I created the following chart to help make the goal of teaching the new Command Discrimination exercise clear for you. This chart depicts the change of position sequences that will be performed in the ring. Our goal is to master these sequences. [Print & Save this Chart]
Our biggest challenge will be increasing the distance that we stand from our dog while giving commands. We do not want our dogs to be penalized for what the rule refers to as "walking forward." Our goal should be to teach our dogs to perform the change of positions with minimal or no forward movement.
A word of caution:
- STAY CLOSE as you begin working on these skills.
- Don’t be in a hurry.
- Teach each change of position carefully before adding distance.
- Work on one position change at a time.
I created the following chart breaking down the positions that we need to teach of dogs. This chart also reflects the distance at which the positions will need to be performed.
Sit to Stand: The goal should be for your dog to stand in heel position, with little to no movement forward. Creating a habit of the dog not stepping forward when he stands will be the most conservative approach because that skill will create the likelihood that the dog will not walk forward when he performs this change of position at 30 feet. If you have not watched the video linked to my earlier message, watch it now.
Sit to Down: When a dog lies down in heel position, he will naturally walk his feet forward. This could result in him moving out of heel position. The general consensus of the judges I’ve spoken to about this “natural movement” is that it will not result in a points deduction but this is an issue that will require some clarification.
Once again, our goal should be to teach this change of position with minimal forward movement. Watch the video as I signal down on the left side of my dog's head. If you point straight down, you may be surprised to find out that your dog moves forward very little, and does not roll over on his hip. I would prefer he stay in a sphinx like down because it will be easier for him to move into a sit or stand. Again, watch the video to see this demonstrated.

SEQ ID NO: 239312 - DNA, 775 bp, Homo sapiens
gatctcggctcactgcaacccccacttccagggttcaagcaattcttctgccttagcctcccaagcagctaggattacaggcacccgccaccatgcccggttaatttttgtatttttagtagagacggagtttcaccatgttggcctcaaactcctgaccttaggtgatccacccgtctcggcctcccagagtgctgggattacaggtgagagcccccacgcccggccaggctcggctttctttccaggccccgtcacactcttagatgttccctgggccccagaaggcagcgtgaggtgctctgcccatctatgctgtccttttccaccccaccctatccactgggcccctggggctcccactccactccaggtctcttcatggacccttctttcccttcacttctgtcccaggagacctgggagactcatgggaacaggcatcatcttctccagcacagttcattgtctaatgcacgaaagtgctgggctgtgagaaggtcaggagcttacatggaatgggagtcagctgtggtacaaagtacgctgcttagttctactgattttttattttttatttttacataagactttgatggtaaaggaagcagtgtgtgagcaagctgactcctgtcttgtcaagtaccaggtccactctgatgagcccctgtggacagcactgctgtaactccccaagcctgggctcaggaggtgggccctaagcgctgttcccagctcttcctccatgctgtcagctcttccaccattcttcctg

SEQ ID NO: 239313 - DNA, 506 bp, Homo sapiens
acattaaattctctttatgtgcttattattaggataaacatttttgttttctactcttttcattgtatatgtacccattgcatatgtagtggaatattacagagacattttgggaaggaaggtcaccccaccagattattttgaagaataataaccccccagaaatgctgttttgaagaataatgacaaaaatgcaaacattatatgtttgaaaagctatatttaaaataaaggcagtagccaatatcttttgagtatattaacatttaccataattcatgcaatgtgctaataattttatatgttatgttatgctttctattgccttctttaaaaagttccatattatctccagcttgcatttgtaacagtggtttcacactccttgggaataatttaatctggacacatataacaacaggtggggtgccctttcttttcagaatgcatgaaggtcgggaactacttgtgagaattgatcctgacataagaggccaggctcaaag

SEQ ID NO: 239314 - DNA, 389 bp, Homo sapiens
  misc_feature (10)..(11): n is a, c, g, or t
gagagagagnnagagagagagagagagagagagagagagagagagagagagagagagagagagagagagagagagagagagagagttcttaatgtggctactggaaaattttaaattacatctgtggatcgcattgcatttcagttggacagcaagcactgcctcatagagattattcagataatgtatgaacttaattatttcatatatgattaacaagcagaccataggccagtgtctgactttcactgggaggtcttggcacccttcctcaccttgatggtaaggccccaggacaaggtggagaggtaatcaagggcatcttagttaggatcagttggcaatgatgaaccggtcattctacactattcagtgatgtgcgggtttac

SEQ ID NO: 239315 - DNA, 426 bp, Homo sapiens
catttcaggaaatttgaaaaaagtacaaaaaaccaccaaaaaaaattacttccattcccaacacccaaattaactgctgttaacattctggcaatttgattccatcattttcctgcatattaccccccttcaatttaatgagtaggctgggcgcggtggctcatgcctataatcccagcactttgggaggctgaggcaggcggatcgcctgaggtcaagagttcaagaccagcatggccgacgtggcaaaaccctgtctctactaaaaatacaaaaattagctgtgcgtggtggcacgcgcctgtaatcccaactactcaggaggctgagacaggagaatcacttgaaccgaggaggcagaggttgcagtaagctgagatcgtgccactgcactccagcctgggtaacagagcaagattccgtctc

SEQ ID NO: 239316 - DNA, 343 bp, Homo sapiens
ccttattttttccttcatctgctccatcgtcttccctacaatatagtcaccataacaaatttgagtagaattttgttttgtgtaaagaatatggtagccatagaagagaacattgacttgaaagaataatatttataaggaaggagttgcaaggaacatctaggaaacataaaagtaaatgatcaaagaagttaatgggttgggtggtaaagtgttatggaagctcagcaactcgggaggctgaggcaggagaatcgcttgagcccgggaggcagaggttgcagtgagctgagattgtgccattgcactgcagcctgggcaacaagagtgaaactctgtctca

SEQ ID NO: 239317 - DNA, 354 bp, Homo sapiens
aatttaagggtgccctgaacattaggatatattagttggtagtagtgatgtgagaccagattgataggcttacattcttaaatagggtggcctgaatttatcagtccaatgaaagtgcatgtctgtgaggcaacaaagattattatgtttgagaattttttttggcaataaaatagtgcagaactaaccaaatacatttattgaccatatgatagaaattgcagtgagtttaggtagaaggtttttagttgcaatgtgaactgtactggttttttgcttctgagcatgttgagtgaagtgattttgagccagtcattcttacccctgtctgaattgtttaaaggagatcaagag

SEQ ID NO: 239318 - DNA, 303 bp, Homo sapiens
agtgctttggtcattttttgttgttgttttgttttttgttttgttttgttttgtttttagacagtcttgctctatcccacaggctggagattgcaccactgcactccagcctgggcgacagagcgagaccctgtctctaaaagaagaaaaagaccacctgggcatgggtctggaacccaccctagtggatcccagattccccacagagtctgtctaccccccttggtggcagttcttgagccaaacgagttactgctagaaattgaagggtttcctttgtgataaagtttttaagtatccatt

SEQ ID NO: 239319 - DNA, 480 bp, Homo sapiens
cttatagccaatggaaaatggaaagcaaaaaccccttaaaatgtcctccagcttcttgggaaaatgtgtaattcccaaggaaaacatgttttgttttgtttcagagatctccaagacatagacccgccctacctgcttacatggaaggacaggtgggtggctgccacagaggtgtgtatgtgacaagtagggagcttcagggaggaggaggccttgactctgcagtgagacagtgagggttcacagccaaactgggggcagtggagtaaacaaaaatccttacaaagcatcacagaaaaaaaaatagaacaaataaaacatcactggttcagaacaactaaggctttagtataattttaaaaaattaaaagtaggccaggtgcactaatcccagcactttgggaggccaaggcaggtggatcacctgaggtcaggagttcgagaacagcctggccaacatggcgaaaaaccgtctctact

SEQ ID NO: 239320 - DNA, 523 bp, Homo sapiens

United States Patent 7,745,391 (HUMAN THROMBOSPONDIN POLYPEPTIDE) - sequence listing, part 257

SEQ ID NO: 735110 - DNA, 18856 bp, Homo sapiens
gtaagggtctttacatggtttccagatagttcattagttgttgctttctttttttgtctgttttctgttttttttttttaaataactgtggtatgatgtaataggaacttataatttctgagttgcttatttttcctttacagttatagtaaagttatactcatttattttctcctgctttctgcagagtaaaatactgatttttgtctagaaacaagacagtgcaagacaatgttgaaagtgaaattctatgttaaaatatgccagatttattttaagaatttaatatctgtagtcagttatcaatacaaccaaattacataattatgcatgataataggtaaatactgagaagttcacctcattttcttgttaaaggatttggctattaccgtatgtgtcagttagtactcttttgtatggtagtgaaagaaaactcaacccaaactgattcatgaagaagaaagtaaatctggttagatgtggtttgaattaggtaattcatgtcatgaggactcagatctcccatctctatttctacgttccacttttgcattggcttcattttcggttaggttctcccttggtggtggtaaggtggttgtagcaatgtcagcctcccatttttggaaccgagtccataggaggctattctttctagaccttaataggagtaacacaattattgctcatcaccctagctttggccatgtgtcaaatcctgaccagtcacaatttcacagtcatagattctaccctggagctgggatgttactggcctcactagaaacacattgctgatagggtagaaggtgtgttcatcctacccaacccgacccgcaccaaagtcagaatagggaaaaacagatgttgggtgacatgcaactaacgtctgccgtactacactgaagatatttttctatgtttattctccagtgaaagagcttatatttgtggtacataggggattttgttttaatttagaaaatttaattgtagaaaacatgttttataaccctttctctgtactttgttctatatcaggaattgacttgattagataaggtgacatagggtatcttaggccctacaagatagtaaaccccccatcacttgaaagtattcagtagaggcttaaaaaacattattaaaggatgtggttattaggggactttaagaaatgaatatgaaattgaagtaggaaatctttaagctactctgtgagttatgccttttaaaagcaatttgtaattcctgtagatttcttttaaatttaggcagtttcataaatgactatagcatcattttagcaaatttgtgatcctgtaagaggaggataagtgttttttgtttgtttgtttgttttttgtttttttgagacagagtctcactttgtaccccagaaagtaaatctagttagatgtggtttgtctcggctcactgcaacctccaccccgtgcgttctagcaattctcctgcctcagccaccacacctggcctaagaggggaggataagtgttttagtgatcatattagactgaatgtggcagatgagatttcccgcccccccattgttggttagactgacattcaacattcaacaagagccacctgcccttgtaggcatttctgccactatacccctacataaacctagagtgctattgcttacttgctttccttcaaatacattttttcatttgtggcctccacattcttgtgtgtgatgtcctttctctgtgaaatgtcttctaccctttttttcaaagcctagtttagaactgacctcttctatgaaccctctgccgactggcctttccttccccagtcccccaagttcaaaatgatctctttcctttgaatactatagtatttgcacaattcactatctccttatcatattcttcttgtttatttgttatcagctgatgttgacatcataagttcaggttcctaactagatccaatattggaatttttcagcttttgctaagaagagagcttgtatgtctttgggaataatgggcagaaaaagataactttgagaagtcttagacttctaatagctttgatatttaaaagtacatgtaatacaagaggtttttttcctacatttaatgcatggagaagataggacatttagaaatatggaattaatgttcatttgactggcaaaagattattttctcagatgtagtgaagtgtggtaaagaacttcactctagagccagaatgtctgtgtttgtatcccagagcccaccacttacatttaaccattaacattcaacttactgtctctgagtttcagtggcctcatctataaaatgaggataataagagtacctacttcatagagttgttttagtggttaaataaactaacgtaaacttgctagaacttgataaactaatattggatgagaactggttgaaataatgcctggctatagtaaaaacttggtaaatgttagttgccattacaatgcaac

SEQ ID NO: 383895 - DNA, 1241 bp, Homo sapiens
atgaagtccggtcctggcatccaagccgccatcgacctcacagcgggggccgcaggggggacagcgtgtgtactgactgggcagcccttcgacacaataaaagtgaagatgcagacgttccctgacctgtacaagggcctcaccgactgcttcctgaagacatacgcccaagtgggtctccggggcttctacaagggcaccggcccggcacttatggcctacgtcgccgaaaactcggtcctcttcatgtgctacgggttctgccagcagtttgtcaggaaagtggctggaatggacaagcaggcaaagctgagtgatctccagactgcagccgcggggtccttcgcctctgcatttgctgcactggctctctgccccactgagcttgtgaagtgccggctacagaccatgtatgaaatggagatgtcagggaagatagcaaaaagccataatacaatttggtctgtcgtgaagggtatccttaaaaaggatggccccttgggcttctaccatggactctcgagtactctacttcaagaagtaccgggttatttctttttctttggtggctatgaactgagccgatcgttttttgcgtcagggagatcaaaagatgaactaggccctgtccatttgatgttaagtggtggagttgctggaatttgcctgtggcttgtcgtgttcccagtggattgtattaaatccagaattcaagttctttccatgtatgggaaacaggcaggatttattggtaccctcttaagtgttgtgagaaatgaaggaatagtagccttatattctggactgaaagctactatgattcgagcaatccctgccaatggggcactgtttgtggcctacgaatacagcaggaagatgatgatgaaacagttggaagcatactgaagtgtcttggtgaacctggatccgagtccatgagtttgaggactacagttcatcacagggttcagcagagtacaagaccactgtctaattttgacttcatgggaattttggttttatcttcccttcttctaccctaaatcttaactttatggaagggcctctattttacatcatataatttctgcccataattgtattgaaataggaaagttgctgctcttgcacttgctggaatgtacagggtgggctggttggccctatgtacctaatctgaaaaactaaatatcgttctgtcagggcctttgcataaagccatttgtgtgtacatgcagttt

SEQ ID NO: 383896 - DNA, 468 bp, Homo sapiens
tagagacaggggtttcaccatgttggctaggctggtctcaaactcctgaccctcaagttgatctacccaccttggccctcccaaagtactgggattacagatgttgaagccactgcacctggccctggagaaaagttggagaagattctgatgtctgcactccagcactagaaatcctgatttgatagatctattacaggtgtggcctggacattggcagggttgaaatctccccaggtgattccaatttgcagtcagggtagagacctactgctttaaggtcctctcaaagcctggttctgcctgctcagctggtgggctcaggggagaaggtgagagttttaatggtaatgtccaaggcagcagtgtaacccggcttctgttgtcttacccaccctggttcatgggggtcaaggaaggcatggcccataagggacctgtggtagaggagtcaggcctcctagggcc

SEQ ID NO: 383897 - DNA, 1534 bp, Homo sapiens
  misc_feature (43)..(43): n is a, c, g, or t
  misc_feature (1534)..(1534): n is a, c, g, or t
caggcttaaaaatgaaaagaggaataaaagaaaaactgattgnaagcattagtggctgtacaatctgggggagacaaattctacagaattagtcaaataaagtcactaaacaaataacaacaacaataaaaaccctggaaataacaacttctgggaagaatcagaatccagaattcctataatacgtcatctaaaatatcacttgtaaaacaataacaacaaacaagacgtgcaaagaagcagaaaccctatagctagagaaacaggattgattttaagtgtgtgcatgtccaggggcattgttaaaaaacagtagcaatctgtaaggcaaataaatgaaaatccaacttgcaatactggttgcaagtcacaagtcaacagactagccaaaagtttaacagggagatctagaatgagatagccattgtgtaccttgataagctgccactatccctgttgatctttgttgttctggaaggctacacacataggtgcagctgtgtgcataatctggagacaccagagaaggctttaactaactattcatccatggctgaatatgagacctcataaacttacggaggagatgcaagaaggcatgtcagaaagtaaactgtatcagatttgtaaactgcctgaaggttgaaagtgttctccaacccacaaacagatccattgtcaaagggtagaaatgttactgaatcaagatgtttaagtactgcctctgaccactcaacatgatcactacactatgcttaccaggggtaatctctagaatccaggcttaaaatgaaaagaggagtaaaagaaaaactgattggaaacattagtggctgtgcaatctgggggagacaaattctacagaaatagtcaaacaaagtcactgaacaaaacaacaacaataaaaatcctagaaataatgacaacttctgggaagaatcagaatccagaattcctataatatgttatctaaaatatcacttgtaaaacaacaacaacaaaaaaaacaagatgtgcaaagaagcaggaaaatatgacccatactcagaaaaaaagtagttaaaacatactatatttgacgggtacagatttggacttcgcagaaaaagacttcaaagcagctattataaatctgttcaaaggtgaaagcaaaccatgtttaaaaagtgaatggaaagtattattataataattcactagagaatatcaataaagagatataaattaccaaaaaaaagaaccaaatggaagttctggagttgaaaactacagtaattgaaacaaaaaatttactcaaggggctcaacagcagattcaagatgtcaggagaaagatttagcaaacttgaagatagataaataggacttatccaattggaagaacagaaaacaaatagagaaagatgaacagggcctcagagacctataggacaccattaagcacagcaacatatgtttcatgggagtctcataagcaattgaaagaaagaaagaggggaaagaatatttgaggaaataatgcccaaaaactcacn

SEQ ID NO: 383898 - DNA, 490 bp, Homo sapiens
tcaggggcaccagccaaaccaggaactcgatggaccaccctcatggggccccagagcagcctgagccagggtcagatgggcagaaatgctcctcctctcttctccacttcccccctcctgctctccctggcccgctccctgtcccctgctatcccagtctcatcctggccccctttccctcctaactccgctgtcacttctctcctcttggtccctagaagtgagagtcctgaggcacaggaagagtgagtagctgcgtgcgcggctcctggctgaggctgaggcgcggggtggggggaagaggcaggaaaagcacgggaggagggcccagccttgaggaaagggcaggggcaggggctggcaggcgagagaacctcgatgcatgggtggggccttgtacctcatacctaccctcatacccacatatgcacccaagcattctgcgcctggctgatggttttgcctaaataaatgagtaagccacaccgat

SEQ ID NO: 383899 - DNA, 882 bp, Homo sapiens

Stand to Sit: I am going to use a verbal command for the stand to sit. If you want to use two syllables, try “you, Sit!” I believe most of our dogs will sit similarly to how they sit on the go-out exercise.
Stand to Down & Down to Sit: The technique I use to teach these changes of position are demonstrated in the second video in the tab titled Stand on a Platform in the Digital Obedience Guide Tricks that Transition to Obedience Exercises.
Placing a dog’s front feet on a platform shows him how to lie down without creeping forward. Additionally, it encourages him to back his front feet up into a sit. This is important to me because dogs that bring their rear end forward on the sit command sometimes start scooting forward.
I will not ask my dogs to stand from a sit when they are sitting behind the platform because it would encourage the dog to step forward onto the platform, and that forward movement could become walking when distance is increased and the platform is removed.
Down to Stand: The technique I use for the down to stand involves a platform. It also is demonstrated in the Stand on a Platform video. If I’m working with a dog that will lie down, keeping his feet on the platform, I believe he will stand up with his feet on the platform.
The Command Discrimination exercise was demonstrated at the AKC Obedience Classic. This video includes excerpts from the demonstration together with my explanation of the exercise as it was being demonstrated.
If you have questions or reactions to this message, do not hesitate to email them to me.